Obasanjo: The Leader They Trust


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Obasanjo: The Leader They Trust




Jide Ayobolu





November 16, 2006


Undoubtedly the bane of the Nigerian State is leadership. Nigeria has not been fortunate to have purposeful and visionary leadership that can help galvanize the country to the pinnacle of socio-economic and political growth and development. The situation is even more horrendous under the military jackboots that are not responsible to anybody but themselves. This is in addition to gross violation of the constitution, mismanagement of the national economy, misappropriation of public funds, and the centralization of a pluralistic country like Nigeria, scant regard for the rule of law, due process, judiciary and constitutionalism. Nigerians had no say in what the military did, as it was everyman to himself God for us all.


So, it was with joy and very high expectation that the Nigerian populace received the government of Obasanjo in 1999. It was thought then that, at least since democracy is a government of the people, for the people and by the people. It will be a government that is considerate and carry out programmes that will ameliorate the deplorable conditions of the Nigeria people and take the national economy out of the woods. It was expected that the government would be concerned about the needs, aspirations, desires, plights, expectations and concerns of the Nigerian people. All these have been nothing but a tantalizing mirage. Not only was misanthropic economic policies pursued, to the Obasanjo’s government that the people amounts to nothing in its estimation. This was the period when there was constant friction between the legislature and executive occasioned by the autocratic nature of President Obasanjo, this is coupled with the ceaseless violation of the various provisions of the constitution and the systematic institutionalization of Ghana-Must-Go as an instrument of political settlement.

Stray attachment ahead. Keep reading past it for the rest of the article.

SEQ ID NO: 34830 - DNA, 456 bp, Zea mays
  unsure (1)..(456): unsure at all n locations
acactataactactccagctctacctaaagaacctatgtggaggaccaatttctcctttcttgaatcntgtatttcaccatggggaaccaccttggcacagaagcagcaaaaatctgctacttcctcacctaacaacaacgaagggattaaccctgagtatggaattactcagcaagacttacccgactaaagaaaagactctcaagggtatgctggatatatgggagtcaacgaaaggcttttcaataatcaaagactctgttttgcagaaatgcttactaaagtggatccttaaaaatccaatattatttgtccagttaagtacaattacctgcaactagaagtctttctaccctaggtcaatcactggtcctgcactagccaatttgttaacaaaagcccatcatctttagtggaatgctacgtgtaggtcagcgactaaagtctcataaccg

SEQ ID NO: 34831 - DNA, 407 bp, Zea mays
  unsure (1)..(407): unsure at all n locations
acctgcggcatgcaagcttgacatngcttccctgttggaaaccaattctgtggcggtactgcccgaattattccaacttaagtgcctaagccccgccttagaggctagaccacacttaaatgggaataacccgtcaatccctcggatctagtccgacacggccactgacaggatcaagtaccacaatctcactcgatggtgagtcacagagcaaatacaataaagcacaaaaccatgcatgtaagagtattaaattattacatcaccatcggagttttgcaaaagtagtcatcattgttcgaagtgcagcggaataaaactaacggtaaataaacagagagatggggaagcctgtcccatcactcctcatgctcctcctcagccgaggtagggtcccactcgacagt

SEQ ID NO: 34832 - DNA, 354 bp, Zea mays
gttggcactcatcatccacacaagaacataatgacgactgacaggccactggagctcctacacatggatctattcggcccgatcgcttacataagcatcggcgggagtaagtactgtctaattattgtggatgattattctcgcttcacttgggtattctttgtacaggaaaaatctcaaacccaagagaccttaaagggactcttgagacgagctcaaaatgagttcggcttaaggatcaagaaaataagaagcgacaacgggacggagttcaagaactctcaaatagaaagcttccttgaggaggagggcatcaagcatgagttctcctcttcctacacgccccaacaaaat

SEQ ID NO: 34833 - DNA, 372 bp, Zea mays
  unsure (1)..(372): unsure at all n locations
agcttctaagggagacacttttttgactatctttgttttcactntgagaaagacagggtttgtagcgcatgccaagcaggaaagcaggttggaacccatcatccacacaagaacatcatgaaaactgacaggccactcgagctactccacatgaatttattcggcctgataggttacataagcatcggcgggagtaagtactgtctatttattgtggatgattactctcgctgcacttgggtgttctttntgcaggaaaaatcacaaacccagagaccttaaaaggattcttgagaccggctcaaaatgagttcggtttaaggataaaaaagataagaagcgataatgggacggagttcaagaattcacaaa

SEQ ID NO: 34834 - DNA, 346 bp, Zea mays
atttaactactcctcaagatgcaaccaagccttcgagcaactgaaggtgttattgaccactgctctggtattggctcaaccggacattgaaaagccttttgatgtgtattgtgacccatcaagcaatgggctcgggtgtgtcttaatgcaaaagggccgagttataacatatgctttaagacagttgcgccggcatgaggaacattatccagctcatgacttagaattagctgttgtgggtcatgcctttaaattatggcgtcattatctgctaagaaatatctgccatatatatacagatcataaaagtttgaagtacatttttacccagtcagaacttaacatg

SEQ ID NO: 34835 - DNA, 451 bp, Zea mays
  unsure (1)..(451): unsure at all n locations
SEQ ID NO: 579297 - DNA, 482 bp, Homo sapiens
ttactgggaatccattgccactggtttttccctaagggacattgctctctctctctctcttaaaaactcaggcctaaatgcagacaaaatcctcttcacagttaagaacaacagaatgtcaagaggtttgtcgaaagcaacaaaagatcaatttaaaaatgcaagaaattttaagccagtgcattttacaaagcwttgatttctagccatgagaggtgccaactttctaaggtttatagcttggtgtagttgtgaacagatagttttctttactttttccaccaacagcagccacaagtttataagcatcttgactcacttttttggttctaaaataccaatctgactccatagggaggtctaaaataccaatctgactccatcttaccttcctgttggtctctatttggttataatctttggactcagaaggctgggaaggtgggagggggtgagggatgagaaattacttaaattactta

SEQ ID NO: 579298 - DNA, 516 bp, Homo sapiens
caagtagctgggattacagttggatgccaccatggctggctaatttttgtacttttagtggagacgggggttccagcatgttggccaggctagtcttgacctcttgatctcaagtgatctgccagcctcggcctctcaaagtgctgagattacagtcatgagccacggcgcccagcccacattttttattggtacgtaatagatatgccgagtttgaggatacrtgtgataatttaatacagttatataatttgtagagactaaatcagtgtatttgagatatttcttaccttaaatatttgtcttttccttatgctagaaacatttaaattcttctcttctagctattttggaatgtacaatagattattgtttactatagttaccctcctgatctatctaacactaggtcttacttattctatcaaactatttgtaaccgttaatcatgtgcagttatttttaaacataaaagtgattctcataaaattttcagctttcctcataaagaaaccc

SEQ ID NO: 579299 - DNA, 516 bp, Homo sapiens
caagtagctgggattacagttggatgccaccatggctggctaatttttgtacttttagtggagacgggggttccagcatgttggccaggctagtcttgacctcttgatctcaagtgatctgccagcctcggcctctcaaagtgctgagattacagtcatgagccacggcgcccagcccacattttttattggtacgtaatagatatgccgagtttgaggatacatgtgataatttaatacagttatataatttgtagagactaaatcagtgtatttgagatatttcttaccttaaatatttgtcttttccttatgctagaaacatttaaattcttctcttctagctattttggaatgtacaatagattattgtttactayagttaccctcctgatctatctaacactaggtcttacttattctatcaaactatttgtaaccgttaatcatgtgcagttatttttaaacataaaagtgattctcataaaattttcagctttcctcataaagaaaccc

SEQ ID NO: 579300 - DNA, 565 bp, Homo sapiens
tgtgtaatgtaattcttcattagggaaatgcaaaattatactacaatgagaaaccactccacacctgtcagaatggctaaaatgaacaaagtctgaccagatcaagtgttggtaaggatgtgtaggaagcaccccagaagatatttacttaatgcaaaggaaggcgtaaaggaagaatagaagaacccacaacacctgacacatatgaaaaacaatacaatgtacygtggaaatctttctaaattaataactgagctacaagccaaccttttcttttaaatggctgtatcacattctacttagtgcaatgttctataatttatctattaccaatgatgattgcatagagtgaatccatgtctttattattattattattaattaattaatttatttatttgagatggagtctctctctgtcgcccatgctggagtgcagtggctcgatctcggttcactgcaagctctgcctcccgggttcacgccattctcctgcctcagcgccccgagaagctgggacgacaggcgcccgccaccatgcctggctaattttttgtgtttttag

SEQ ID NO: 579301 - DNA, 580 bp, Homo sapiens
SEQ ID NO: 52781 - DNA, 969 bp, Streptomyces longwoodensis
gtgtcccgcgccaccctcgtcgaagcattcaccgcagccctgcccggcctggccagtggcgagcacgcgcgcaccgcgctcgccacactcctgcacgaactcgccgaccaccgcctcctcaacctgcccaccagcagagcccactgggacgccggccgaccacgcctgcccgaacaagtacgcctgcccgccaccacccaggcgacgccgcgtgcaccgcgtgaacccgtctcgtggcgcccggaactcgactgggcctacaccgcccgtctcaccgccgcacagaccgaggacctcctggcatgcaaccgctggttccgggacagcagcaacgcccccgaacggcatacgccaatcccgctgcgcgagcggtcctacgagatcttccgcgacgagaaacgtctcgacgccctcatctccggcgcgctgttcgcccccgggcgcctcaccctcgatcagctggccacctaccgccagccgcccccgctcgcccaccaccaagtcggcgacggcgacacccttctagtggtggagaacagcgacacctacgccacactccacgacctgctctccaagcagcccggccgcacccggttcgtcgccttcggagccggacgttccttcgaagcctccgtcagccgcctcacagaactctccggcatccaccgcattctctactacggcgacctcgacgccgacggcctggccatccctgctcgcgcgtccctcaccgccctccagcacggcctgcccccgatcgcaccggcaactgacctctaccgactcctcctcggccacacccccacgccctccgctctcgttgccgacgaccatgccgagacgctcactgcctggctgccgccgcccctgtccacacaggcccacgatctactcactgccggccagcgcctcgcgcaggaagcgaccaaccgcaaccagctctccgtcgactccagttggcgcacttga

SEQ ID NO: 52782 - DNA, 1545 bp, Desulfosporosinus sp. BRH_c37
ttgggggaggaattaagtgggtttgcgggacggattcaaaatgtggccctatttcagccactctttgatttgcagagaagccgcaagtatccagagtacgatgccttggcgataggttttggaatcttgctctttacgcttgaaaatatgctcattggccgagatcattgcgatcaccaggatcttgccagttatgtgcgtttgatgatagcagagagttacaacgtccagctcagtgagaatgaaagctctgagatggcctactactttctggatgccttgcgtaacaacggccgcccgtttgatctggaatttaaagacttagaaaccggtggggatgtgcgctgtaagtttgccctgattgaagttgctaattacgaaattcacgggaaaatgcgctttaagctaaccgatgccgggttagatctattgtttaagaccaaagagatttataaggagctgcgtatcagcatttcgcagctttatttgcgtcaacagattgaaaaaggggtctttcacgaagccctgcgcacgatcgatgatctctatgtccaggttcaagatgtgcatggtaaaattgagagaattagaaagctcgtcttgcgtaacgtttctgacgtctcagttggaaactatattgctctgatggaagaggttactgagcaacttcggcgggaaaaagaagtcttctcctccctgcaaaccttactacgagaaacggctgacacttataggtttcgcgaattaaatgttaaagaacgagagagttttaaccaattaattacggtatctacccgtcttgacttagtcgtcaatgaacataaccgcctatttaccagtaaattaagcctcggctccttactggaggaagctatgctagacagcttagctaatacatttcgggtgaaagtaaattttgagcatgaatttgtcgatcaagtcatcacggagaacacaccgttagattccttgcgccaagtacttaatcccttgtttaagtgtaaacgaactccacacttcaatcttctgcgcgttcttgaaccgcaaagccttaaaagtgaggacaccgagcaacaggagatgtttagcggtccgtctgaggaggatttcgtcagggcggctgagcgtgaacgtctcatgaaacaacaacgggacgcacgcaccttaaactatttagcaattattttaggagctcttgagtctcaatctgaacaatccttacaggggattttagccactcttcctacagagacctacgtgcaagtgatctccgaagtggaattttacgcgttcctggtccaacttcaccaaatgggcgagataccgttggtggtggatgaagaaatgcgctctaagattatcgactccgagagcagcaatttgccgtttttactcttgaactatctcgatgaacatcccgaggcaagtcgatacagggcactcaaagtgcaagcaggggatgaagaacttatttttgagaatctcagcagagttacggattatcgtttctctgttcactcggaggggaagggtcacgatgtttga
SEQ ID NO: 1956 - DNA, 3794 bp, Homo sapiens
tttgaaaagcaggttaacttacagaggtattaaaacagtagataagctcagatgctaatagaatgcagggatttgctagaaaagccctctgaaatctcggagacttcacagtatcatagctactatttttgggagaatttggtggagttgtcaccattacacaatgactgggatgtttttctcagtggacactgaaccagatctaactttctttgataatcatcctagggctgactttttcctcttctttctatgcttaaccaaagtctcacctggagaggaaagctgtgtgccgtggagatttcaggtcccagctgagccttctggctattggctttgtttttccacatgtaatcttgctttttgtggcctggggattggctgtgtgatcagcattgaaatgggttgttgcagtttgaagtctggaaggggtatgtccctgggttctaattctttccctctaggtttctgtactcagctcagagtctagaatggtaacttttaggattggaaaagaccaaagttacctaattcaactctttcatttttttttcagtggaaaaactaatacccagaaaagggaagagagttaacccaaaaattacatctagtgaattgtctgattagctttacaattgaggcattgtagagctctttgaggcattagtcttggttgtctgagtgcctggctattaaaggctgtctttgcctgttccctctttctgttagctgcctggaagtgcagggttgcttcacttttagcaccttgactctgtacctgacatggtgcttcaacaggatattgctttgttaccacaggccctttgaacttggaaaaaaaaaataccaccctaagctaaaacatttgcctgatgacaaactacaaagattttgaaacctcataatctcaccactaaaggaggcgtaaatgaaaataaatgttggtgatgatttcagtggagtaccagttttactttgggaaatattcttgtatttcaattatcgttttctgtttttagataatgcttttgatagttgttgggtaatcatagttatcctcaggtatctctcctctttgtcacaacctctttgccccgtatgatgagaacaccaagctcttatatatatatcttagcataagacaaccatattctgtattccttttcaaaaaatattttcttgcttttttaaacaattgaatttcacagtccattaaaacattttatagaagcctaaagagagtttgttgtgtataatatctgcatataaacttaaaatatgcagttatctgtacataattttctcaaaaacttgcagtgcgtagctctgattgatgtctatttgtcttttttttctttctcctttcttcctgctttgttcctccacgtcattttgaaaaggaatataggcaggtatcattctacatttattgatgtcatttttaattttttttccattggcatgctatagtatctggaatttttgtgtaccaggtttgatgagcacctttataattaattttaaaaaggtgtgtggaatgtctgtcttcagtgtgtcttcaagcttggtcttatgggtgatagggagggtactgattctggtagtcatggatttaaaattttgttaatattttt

It will be recalled that in the first four years of the Obasanjo administration, Nigeria was in the wilderness, as the President kept gallivanting throughout the globe, not minding the multiplicity of encumbrances the country is enmeshed in. He is rather more interested in what the international community thinks about him. This is the real reason that the developmental dividends of democracy have not percolated to the people that actually needs them. Instead of setting goals and targets that can positively move the country, he plays the politics of divide and rule, ethnic sentiment, religious passion, exclusionist agenda and runs a- one- man- show.

In 2003, when he was re-elected and since he started his so-called reforms programmes, things have not dramatically improved for the Nigerian people. The price of petroleum products has been increase 11 times; as a result of the privatization programme hundreds of thousands of people have lost their means of livelihood. In fact, according to the United Nations Development Programme (UNDP) report, over 70 per cent of the entire Nigeria population lives on less than less than $1 per day.


 Indeed, when the economic programmes of the government were put together, it was hurriedly done without wide consultations. Today, in Nigeria many people don’t know what NEEDS is, or what is in the NEEDS document? The various dramatis personae in the Nigerian economy do not know what NEEDS stands for. So, if people are not generally of these basic facts, how can they work in tandem with the government to bail Nigeria out of the protracted economic morass? That is why nothing is working in the country today.



 Today, in Nigeria, healthcare centers are worst than mere consulting clinics, education sector is in a shambles, agriculture is in a very pitiable state as Nigeria imports most of what it consumes, housing is just for the very affluent, roads are in a deplorable state of disrepair, solid minerals development is virtually not existent, power supply is terrible even after when over $1 billion have been expended on the crucial sector, adequate water supply is still a tall dream, yet there is constant water and power supply in Ghana, Benin Republic and Togo, the per capita income, GNP, GDP and industrial capacity utilization are abysmally low. So, what concrete things can the government point to as achievement, if it is telecommunications, for instance, it is a big rip-off, it would be recalled that Nigerians, fought tooth and nail before the per second billing system came on board, ditto the price of SIM cards, there is also the problem of network failures and other connectivity problems associated with telecoms in Nigeria, and we know what obtains in different countries of the world, why is Nigeria different.